In the 30-page research post, Juan Andres Guerrero-Saade, the principal threat researcher at SentinelLABS, and Igor Tsemakhovich said the campaign was known as Octopus Brain and the research showed that it was connected to a toolkit called Rad which had been built in 2010 and used until 2015.
The two researchers said there were hardcoded email addresses in some Rad samples to which data from victims' machines was sent; one address had been mentioned in connection with a case against rogue members of the Turkish National Police and executives of a company known as Datalink Analiz. Rad was referred to as HORTUM in papers relating to this case.
Guerrero-Saade and Tsemakhovich said the SentinelLABS team had tracked the affairs of Datalink Analiz and this led to suspicion that EGoManiac used Remote Control System, software from the now defunct Italian infosec firm HackingTeam, for hacking purposes even in 2011.
A detailed, at times laborious, account of the background to this story has been written by the freelance American technology journalist Kim Zetter who was provided the SentinelLABS research before it was released to the public.
In that, Zetter states that Guerrero-Saade wanted to give the research to some other unnamed journalist in order to ensure wider coverage as she [Zetter] now publishes on her own blog on the site Substack. But that individual turned down the story and Zetter was given the 30-page document.
"What we refer to as EGoManiac is a cluster of two notable campaigns starting as early as 2010," the SentinelLABS report says. "The first campaign came to be known in research circles as ‘Octopus Brain’, based on the Turkish strings ‘Ahtapot’ and ‘Bejin’ left in the malware.
"This original campaign used a combination of publicly available RATs [remote access trojans] (including Turkojan and Bandook) as well as the closed-source Ahtapot, with delivery methods ranging from malicious documents to personal visits by the attackers."
Guerrero-Saade and Tsemakhovich says they initially became aware of the case from Turkish court documents about arrests of journalists at OdaTV.
"Much greater detail came to light thanks to the excellent work of the folks at Arsenal Consulting," they wrote.
"Their forensic investigation not only proved the presence of the malware and the physical interdiction of the victim systems, but also established the attacker’s access as the definitive source of the incriminating documents on those systems that were then used to justify arrests by the Turkish National Police.
"The journalists were ultimately acquitted by a court in 2017 – six years after the attacks."
The data stolen from the journalists at OdaTV was sent to the email address johndown at woxmail dot com, according to reports on Turkish websites in 2016. These reports were about a bid to prosecute rogue police members and executives of Datalink Analiz who were reportedly leaking information about active police operations.
Guerrero-Saade and Tsemakhovich wrote: "The leaks were reportedly used by FETO/Gülenist movement social media accounts to fuel conspiratorial elements in an ongoing power struggle within the country."
The Gülenist movement is a political/religious group led by a US-based Turkish Muslim leader Fethullah Gülen.
Guerrero-Saade and Tsemakhovich said SentinelLABS' research was informed by Zetter's investigation, during the course of which she had obtained a report written by a prosecutor handling the case. Zetter had also written about a woman who was hacked in the US in 2013, apparently with tools from HackingTeam's arsenal.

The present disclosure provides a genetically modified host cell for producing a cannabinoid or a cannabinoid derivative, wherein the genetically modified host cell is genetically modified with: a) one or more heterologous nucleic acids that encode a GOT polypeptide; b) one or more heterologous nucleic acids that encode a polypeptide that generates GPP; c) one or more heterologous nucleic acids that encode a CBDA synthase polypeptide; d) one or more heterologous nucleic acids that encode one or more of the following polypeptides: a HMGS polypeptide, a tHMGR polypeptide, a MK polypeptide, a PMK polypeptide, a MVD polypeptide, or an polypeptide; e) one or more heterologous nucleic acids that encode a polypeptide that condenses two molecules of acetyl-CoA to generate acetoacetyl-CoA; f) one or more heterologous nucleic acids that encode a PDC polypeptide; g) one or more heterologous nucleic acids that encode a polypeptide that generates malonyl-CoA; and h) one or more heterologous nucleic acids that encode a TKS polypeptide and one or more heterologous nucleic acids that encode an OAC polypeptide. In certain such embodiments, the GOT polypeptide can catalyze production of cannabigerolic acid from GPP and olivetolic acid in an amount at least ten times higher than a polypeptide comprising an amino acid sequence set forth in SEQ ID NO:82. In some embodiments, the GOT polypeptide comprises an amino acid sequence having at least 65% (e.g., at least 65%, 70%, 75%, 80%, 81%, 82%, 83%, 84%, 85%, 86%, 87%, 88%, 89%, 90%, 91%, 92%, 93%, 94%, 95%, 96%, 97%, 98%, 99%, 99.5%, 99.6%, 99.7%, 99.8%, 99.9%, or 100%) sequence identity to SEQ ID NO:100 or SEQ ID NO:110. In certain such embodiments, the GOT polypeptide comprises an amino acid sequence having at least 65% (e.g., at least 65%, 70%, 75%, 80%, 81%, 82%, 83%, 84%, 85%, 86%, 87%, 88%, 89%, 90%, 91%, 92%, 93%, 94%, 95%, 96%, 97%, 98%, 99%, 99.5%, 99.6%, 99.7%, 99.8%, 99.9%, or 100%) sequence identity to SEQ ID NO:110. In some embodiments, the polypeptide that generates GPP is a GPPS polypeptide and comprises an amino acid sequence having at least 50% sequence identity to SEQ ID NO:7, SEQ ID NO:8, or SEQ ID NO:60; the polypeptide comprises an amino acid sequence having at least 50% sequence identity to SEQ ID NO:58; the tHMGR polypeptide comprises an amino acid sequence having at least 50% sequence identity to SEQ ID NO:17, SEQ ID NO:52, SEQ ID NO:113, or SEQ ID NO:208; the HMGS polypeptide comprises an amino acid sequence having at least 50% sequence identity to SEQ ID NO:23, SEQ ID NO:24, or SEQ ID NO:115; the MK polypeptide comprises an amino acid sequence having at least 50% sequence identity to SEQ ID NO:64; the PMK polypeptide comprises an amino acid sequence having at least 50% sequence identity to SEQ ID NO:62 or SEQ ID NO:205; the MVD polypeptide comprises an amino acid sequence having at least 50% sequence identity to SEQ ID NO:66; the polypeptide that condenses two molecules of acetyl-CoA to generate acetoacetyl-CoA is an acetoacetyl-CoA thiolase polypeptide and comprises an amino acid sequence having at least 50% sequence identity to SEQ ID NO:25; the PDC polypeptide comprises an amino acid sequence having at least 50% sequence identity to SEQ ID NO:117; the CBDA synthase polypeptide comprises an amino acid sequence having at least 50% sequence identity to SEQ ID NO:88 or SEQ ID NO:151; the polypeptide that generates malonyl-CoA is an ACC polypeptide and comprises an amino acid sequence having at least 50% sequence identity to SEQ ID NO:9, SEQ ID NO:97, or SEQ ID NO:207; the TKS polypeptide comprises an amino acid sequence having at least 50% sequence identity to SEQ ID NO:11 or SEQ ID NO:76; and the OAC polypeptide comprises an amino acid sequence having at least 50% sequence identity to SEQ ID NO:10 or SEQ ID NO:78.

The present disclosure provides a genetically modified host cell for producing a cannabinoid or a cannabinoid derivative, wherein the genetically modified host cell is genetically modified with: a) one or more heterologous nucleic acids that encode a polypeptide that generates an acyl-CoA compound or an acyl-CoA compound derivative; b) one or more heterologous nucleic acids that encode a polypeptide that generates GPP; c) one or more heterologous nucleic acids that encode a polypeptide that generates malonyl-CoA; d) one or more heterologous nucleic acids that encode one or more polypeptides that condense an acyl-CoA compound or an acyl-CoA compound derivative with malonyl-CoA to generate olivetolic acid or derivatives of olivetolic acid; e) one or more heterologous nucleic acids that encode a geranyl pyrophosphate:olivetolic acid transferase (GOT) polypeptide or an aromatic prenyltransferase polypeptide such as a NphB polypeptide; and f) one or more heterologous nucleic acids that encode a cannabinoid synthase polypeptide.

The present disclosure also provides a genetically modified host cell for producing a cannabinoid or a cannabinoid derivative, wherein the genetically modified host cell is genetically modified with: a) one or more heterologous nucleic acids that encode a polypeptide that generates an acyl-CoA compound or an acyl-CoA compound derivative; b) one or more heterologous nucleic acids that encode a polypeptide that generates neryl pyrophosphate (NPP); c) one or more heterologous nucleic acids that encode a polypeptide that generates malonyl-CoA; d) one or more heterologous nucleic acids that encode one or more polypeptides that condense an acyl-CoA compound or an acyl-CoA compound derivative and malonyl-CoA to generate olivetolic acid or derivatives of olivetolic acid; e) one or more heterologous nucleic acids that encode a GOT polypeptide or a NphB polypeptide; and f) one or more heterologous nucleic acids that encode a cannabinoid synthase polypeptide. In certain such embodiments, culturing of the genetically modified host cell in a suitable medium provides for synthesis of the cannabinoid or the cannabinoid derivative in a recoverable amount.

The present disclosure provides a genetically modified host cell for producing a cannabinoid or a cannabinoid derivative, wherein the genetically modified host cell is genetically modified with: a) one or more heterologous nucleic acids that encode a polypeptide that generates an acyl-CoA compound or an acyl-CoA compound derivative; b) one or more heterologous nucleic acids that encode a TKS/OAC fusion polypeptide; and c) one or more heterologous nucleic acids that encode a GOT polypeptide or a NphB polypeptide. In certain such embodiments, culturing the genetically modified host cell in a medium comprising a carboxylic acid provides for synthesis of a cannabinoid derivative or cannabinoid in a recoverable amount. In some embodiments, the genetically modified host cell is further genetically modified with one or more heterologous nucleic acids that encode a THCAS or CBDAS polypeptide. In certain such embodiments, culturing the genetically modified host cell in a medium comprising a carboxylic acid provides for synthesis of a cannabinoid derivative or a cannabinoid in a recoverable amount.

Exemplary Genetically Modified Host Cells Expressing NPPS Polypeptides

"The victim suspected that she was targeted by Gülenist elements that had infiltrated the Turkish government," Guerrero-Saade and Tsemakhovich said. "However, HackingTeam continued to assert that it only sells its tools to governments and did not confirm Turkey’s status as a customer.
"Now, in the aftermath of Phineas Fisher’s devastating hack-and-leak operation against HackingTeam, we can independently confirm that Turkey was in fact a customer of HackingTeam at the time – but who exactly was their customer in Turkey?"
Guerrero-Saade and Tsemakhovich admitted that part of the research was built on thin evidence. "The connection between the EGoManiac umbrella and this specific sub-cluster of Hacking Team RCS is built on the admittedly thin strand of the 'Datalink Analiz’ shell company," he wrote.
RCS was the main tool sold by HackingTeam, which was founded in 2003. It enabled the extraction of files from a targeted device, interception of emails and instant messaging, and also remote activation of the webcam and microphone on a device.
The company suffered a data breach in July 2015 and the use of RCS by repressive regimes around the world was confirmed. HackingTeam was forced to ask its customers to suspend the use of RCS after about 400GB of its data was leaked.
But samples of RCS were found in 2018, with a researcher at the Slovakian security firm ESET saying these had been noticed in 14 countries.
In conclusion, Guerrero-Saade and Tsemakhovich wrote: "The case of EGoManiac is far from straightforward. It involves difficult investigative connections that test the boundaries of our visibility, the efficacy of our research tools, and the limits of purely technical attribution.
"Beyond the technical exercise, it’s a profile of a threat actor willing to spy on both friend and foe and to use that access to malign and entrap journalists without compunction.
"While this particular intrusion set is outdated, the questions it raises speak to the friction between the unsupervised governmental use of malware and the integrity of public institutions, rule of law, and evidentiary standards. They are more relevant now than ever before."